First emerging in late 2015, the group believed to be responsible for the SamSam ransomware family has targeted small and large businesses, healthcare, governments and education.
Over time, the ransom prices set by this group have changed some, but they've remained consistent when it comes to general affordability, which is why many victims have paid. To date, the group has made nearly $850,000 USD.
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This somewhat shocking figure is based on current value of Bitcoin (BTC), which was $8,620.22 at the time this story was written. However, because the market is constantly changing, the actual value of the ransoms paid will go up or down, as the final value is determined on the rate at cash-out.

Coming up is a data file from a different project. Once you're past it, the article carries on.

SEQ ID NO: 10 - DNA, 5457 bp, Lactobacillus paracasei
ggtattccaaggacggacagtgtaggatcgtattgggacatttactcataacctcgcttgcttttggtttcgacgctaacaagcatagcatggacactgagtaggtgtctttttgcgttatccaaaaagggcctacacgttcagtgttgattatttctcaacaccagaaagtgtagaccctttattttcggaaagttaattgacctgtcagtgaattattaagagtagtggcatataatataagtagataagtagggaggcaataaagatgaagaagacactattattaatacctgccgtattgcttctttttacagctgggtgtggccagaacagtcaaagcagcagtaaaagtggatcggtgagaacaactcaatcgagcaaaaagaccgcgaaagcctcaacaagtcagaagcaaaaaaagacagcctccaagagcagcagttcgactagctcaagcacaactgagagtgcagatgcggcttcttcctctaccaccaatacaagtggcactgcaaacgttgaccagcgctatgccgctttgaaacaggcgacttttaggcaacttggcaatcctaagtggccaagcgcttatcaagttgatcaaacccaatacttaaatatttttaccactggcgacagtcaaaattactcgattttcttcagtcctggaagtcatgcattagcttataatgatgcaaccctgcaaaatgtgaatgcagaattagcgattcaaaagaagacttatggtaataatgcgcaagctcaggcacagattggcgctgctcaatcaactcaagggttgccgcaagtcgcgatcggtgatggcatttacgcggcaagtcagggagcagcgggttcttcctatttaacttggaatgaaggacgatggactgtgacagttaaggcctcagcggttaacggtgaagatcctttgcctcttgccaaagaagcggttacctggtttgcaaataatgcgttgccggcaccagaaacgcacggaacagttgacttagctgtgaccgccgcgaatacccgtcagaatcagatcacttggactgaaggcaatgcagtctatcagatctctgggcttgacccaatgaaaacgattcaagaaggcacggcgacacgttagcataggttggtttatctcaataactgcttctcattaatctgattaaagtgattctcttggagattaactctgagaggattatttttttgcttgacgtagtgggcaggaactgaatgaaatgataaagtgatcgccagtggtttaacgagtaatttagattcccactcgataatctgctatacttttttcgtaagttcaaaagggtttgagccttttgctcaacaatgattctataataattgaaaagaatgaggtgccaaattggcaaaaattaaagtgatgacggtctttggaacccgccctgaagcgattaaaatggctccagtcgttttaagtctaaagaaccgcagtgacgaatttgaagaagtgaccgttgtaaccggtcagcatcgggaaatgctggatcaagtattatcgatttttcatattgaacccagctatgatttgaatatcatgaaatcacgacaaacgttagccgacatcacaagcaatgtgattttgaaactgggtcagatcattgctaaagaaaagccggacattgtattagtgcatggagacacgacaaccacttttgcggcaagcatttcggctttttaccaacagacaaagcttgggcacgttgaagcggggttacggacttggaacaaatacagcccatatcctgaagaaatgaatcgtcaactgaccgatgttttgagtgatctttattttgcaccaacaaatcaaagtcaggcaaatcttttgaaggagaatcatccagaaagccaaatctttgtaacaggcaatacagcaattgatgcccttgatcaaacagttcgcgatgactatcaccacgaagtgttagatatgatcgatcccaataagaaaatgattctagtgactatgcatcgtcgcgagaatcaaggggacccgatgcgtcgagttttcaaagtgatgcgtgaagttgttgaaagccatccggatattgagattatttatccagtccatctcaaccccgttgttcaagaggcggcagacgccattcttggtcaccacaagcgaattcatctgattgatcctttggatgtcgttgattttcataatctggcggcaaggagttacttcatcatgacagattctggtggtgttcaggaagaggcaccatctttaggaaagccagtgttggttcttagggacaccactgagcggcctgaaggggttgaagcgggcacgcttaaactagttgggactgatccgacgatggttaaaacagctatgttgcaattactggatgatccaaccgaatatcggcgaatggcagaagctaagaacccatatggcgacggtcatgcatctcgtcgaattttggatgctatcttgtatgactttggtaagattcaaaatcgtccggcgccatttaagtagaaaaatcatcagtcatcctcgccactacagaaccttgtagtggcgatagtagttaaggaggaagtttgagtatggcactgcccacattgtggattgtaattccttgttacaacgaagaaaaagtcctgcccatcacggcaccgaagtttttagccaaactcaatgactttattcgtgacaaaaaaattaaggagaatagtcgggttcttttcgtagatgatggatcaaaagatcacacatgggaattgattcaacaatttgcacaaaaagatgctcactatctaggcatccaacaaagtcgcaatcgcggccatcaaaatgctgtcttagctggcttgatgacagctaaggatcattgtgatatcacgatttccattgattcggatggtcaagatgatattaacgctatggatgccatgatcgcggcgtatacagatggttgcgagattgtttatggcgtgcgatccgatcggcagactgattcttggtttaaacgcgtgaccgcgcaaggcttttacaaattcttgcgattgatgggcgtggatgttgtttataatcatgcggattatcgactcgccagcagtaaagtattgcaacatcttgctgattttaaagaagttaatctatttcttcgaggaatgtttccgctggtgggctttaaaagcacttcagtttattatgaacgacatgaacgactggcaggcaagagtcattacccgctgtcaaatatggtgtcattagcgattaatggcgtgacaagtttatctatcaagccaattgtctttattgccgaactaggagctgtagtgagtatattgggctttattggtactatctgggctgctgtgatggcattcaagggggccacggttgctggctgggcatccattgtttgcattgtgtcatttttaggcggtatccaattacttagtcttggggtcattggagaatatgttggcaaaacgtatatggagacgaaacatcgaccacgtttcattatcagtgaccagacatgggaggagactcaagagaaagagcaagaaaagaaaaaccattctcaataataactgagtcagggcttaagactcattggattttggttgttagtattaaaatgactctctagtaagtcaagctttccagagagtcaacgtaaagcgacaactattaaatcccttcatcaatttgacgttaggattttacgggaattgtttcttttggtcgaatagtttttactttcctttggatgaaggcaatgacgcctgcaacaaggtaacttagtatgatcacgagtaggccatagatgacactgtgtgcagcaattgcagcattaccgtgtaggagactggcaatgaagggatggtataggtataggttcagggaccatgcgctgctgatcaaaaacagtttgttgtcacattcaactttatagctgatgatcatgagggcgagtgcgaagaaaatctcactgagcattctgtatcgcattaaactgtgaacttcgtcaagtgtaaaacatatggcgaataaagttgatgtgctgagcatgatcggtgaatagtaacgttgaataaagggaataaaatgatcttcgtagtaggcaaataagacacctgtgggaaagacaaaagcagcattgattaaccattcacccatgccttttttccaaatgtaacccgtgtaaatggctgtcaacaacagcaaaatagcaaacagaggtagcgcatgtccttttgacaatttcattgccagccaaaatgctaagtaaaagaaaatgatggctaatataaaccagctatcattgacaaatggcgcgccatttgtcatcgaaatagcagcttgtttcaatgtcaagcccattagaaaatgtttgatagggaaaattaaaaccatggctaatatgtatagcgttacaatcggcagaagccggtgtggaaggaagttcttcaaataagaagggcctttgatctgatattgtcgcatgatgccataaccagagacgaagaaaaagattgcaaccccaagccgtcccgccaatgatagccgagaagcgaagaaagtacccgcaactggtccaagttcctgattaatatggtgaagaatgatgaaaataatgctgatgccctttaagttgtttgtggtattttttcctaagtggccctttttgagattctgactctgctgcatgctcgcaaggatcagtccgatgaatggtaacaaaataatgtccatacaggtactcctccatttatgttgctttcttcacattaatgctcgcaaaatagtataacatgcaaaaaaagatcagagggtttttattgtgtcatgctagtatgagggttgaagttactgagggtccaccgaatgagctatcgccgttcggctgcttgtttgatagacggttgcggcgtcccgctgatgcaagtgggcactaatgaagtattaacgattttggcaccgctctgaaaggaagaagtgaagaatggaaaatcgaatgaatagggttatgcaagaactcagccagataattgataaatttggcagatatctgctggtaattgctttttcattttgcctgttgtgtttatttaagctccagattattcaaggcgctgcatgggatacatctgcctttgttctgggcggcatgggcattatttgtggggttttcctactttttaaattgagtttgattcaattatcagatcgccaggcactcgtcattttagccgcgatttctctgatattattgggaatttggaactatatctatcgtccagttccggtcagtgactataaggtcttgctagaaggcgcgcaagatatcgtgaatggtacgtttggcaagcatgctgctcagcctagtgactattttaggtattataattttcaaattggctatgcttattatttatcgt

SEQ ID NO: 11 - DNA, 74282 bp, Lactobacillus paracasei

Also, this figure is based on the previously known SamSam wallet (used during the Allscripts attack in January) and the wallet used in their most recent attack against the City of Atlanta.
Still, the fact the group behind SamSam has collected any ransom at all, let alone 98.5 BTC, tells an interesting story about the balance between security and business.
When victims of ransomware pay the ransom, most people assume it's because they didn't have proper backups, or the backups themselves were either outdated or corrupt. You'll see pundits mention this in the media or on stage at security conferences year-round.
Thing is, what most pundits aren't talking about – a dirty secret for some in the security industry – is that sometimes it's cheaper and quicker to pay during a ransomware attack.